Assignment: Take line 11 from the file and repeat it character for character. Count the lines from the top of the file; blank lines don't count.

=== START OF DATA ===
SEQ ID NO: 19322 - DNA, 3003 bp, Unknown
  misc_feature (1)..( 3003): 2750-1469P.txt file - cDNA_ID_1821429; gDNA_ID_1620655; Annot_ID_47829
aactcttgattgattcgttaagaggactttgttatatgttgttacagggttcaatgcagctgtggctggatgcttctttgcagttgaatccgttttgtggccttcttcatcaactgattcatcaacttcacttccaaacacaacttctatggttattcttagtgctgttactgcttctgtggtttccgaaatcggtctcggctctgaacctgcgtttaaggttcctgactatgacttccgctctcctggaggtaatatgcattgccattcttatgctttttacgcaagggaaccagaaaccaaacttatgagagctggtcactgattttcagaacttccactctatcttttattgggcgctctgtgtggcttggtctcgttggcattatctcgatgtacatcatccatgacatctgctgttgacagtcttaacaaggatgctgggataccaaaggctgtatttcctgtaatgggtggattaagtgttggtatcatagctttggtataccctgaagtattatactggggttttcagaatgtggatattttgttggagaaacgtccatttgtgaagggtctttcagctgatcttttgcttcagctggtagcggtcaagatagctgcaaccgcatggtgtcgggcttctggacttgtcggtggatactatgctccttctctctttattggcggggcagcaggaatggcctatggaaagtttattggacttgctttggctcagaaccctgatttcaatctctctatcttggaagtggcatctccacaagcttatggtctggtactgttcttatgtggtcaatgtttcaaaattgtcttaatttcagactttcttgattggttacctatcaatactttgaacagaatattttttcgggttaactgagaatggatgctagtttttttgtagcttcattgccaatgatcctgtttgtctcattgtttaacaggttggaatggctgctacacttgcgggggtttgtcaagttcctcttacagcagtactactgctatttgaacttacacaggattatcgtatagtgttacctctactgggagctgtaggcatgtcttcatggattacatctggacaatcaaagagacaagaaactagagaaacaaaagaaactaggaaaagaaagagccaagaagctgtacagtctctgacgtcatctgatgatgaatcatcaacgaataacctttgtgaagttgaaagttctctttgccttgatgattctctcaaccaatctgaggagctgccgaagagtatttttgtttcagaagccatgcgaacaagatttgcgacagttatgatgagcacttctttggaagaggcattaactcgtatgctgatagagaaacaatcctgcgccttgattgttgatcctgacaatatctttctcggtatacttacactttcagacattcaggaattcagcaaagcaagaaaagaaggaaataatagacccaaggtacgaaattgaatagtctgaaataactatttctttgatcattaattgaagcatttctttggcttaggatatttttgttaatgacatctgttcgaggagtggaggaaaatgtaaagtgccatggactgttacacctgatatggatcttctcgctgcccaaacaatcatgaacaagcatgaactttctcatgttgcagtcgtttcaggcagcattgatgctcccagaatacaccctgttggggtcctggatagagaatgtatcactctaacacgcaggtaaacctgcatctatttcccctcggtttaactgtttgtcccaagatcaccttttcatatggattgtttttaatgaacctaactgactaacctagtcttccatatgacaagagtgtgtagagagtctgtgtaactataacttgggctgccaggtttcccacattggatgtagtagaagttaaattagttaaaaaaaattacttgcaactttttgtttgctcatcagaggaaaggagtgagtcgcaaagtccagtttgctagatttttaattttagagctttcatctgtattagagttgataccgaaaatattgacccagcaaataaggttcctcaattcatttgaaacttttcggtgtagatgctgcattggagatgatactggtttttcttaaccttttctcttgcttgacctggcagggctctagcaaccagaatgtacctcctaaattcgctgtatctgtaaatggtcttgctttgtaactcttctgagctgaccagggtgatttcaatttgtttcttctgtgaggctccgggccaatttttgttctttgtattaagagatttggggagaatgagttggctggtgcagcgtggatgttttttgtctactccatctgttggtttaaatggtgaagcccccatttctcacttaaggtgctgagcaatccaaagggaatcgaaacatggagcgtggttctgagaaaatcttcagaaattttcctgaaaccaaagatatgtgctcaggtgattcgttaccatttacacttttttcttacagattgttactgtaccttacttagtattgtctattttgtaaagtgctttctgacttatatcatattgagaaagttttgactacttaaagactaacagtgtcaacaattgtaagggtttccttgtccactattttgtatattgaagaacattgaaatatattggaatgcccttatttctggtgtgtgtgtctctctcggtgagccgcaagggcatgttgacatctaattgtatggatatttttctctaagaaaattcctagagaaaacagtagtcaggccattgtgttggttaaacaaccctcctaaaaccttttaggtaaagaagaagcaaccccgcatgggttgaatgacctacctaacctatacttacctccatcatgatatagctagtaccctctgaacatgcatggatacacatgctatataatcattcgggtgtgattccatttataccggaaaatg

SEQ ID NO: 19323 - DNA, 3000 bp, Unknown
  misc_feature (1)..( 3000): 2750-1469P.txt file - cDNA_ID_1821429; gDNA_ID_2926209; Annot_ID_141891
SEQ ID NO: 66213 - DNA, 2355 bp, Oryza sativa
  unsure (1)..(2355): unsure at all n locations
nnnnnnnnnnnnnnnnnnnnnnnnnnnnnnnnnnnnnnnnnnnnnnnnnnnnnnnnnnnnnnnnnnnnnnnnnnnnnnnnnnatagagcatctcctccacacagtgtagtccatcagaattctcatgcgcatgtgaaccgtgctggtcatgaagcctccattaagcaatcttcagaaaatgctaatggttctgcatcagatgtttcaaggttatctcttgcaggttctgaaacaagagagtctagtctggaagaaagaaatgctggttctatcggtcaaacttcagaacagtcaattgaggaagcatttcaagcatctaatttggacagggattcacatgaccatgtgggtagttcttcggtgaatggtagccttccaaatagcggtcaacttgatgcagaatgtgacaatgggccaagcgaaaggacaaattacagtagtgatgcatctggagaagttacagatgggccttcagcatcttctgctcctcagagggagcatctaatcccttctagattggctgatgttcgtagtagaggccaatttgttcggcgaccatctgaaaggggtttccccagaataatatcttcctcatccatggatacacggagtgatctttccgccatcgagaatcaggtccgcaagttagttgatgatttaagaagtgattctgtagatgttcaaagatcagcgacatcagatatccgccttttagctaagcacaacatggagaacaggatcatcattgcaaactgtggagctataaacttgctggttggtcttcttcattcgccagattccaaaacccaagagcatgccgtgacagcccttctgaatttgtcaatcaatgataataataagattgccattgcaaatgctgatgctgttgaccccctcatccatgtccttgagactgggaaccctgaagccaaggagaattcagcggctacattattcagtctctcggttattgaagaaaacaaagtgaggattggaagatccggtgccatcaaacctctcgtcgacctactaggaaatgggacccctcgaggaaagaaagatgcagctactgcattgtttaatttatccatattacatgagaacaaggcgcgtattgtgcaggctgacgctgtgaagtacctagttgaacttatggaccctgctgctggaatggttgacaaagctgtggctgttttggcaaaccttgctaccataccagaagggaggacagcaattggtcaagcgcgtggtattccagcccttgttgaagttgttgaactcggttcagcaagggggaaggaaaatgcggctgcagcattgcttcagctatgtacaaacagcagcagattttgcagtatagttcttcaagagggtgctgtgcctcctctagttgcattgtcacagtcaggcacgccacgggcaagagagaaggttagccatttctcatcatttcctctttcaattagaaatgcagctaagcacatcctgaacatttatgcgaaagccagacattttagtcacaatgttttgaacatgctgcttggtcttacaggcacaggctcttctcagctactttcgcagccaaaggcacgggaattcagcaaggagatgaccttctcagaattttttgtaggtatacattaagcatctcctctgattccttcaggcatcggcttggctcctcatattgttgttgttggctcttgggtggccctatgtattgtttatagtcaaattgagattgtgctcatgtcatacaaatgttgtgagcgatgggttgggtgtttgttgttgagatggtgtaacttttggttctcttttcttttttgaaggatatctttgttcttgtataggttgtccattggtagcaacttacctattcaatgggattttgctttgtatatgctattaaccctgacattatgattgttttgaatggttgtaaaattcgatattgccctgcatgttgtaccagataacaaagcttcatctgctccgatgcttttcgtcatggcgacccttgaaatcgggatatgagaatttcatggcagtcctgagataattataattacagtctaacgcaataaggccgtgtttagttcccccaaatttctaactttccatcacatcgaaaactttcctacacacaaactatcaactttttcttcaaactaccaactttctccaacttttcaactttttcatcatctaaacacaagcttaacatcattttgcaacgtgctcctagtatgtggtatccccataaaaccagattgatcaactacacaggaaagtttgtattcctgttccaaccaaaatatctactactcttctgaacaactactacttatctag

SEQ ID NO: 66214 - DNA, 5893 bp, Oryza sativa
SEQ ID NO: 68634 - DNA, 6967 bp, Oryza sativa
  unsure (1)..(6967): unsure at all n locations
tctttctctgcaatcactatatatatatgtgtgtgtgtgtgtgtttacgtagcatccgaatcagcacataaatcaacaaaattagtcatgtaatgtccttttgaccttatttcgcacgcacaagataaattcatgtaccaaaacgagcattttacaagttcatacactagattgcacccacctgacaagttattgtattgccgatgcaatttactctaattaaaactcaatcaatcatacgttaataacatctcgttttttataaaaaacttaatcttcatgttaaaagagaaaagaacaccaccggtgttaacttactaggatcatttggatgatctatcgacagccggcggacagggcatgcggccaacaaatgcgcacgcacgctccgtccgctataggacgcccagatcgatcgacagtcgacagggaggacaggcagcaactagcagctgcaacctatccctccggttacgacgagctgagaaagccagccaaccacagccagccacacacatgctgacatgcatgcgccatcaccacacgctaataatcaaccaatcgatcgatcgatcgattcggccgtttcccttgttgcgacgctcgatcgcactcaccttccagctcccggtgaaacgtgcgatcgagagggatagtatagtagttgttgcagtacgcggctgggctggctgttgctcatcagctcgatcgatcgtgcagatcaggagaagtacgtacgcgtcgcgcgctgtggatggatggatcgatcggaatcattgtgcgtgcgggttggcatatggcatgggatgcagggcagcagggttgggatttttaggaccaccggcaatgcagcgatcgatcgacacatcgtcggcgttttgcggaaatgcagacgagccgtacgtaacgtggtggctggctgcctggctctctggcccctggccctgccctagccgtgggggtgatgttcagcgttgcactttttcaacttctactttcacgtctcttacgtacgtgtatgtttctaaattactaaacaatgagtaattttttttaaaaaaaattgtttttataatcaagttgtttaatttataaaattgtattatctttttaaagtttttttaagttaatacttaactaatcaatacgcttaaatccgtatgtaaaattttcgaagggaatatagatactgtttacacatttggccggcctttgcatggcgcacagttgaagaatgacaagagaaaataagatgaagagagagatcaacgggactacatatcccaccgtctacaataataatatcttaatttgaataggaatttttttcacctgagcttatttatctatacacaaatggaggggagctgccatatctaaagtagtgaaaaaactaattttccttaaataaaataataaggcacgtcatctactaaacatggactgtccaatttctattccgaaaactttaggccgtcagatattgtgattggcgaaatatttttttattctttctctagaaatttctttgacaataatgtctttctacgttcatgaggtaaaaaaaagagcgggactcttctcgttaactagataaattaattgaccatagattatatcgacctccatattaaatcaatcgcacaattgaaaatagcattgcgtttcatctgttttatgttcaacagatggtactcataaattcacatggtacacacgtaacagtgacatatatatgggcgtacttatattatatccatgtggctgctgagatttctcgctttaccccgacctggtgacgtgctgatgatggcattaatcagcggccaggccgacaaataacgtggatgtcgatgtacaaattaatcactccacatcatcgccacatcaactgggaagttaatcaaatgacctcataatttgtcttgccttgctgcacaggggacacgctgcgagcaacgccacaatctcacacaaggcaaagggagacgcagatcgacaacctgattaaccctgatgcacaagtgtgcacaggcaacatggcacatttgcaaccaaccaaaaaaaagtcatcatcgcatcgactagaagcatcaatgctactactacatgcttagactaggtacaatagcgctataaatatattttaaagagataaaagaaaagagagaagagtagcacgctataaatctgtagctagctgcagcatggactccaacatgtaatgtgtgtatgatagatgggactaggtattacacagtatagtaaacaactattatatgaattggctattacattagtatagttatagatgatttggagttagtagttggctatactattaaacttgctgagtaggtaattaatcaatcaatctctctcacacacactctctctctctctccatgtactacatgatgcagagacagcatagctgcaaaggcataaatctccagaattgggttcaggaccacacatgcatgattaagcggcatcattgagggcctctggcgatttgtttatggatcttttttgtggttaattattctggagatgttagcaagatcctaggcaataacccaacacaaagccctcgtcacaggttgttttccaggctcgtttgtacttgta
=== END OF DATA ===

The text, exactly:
  unsure (1)..(6967): unsure at all n locations